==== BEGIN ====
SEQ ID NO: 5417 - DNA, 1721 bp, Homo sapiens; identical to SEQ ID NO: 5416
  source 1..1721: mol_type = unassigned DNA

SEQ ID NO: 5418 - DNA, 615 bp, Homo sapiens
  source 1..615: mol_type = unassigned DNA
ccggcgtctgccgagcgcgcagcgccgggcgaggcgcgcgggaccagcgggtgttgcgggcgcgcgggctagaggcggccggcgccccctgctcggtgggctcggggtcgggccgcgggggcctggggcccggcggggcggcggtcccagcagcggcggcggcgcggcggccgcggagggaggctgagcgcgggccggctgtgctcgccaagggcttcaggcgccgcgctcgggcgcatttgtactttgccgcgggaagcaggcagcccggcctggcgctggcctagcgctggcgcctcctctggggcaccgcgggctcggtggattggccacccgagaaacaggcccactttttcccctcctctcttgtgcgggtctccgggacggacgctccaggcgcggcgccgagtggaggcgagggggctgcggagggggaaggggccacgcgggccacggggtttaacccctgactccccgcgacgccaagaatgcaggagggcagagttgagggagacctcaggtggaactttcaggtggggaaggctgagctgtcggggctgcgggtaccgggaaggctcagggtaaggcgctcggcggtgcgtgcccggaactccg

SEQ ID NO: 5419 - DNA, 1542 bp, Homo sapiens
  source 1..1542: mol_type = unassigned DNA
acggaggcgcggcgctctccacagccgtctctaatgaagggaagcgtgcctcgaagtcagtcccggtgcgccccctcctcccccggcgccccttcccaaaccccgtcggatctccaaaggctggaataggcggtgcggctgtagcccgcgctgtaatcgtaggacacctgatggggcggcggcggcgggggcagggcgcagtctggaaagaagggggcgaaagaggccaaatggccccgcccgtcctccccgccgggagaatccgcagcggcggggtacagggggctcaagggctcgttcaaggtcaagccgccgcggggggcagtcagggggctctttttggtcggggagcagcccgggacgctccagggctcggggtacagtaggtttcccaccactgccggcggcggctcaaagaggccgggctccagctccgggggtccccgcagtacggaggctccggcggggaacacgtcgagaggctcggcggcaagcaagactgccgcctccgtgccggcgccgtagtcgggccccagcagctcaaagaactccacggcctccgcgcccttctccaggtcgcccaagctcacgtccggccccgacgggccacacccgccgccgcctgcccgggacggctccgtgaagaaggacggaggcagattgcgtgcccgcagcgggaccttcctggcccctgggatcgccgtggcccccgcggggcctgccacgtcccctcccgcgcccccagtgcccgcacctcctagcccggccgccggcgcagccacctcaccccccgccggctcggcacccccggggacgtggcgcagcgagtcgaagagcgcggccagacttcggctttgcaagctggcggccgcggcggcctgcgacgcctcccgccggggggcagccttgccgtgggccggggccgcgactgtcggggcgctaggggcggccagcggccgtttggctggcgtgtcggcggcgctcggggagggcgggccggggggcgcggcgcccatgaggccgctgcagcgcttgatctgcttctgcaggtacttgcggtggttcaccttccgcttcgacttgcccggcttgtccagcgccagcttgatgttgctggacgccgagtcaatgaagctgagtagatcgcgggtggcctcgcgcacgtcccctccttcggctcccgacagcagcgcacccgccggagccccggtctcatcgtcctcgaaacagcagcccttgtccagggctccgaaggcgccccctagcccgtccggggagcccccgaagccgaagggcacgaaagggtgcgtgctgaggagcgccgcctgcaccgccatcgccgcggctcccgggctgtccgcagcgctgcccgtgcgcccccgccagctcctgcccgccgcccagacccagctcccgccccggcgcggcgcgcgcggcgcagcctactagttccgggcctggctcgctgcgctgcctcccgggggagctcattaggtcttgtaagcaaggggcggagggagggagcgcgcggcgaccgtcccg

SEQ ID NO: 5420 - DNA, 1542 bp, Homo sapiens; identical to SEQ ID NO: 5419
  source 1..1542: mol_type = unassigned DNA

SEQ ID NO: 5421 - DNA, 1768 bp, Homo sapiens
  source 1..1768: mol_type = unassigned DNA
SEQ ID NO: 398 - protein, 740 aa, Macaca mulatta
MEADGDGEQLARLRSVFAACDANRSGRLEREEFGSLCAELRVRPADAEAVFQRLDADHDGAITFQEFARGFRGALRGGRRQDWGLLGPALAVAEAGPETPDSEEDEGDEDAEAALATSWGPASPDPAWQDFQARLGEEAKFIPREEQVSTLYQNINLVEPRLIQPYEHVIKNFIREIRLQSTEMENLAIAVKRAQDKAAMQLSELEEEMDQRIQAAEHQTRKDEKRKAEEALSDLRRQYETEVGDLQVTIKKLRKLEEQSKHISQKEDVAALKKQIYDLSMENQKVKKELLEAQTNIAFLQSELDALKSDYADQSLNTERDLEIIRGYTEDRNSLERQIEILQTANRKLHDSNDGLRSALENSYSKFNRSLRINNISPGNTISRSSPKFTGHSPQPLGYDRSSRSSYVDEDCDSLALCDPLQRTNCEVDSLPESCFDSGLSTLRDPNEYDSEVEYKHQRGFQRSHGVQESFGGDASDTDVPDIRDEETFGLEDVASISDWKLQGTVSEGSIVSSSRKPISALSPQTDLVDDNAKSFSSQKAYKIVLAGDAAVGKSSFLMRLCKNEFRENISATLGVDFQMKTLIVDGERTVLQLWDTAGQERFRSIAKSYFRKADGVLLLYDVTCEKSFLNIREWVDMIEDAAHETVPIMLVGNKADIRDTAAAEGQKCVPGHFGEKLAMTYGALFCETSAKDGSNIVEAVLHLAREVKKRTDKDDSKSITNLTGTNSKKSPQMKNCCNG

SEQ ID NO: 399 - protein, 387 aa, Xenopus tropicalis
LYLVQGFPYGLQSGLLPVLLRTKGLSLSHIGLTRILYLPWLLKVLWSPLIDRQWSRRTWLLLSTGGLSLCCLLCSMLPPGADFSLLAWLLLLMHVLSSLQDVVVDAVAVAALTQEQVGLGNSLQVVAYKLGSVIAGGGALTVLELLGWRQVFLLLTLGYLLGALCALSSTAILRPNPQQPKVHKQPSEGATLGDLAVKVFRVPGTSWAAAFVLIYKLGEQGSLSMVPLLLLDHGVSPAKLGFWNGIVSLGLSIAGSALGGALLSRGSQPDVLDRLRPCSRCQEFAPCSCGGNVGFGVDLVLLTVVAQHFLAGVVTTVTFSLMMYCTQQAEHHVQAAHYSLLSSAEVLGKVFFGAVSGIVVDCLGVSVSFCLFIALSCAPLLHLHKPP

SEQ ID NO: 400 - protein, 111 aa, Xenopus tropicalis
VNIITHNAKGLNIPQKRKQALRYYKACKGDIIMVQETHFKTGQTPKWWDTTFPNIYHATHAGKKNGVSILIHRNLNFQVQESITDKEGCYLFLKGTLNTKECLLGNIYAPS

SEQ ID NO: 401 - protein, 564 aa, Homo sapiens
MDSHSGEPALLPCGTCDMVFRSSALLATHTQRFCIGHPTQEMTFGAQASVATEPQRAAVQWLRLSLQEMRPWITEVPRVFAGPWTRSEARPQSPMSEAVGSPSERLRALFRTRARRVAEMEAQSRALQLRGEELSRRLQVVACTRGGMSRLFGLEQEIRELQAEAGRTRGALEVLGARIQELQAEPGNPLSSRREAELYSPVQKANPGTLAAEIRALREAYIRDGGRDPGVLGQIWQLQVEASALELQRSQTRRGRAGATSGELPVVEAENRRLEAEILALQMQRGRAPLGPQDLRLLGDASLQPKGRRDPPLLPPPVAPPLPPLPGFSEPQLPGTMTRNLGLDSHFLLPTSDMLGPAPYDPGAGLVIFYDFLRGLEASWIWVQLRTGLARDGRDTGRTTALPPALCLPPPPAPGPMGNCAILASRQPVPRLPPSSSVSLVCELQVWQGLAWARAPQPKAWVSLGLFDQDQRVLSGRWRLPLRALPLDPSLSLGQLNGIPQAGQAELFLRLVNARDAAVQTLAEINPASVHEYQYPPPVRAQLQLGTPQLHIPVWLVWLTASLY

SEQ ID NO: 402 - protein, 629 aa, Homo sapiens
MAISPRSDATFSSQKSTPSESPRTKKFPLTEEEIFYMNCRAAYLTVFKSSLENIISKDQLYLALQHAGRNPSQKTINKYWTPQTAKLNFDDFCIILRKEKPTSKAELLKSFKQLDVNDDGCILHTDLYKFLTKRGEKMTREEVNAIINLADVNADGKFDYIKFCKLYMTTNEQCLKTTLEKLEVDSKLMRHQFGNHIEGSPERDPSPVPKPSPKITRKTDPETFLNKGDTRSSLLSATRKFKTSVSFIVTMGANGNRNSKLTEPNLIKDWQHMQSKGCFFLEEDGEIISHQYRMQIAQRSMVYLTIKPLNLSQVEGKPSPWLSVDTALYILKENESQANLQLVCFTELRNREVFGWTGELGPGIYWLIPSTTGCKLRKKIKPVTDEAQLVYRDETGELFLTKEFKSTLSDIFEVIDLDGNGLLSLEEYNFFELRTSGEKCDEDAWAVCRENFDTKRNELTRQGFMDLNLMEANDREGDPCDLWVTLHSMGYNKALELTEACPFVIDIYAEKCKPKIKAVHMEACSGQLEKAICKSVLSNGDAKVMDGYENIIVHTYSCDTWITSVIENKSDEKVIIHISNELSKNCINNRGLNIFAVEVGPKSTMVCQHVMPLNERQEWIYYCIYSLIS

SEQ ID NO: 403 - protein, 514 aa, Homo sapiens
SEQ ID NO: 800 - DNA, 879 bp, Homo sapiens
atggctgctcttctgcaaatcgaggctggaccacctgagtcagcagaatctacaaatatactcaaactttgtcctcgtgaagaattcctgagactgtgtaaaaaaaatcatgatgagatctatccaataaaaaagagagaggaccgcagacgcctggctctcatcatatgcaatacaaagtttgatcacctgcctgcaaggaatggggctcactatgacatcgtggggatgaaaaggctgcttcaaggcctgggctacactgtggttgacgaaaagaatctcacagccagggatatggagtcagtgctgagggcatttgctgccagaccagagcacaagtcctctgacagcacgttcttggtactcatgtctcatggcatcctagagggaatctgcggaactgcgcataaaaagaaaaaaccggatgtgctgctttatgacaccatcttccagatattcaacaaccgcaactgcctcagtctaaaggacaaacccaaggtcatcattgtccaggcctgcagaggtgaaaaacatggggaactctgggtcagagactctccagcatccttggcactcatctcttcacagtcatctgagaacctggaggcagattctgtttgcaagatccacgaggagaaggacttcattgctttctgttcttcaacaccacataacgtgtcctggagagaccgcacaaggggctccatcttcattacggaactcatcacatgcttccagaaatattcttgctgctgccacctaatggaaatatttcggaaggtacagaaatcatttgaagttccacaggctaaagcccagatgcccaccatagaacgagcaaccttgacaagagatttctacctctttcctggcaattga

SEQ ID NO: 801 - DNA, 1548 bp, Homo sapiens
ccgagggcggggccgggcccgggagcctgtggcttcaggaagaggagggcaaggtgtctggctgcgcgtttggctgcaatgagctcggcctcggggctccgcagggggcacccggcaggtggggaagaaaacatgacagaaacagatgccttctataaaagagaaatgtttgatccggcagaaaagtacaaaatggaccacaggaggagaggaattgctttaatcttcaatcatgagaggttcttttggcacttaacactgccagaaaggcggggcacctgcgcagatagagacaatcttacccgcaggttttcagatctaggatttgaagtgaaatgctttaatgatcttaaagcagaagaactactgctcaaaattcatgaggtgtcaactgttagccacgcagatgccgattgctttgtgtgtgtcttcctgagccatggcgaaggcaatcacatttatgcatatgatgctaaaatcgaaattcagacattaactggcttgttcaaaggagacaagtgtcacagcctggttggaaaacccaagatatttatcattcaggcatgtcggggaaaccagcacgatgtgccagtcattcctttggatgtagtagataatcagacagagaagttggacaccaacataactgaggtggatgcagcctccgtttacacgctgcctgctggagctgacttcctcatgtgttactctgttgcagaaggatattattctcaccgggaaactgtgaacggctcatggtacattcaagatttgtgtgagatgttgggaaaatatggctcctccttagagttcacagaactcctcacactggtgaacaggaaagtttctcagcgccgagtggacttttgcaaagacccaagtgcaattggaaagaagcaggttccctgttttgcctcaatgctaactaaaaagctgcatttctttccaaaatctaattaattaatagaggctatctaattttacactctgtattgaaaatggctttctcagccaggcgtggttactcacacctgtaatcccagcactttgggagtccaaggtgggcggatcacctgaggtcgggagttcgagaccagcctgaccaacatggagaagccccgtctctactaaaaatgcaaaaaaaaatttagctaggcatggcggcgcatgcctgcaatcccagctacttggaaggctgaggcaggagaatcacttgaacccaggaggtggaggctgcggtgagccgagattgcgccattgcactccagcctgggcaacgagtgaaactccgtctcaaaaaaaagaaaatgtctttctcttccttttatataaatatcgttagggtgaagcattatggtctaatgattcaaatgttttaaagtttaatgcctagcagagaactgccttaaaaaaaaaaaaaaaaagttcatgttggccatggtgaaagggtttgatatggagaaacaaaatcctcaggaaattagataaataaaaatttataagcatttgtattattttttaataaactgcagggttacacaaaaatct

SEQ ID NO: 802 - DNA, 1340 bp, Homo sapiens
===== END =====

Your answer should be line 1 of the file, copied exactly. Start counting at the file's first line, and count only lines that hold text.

SEQ ID NO: 5417 - DNA, 1721 bp, Homo sapiens; identical to SEQ ID NO: 5416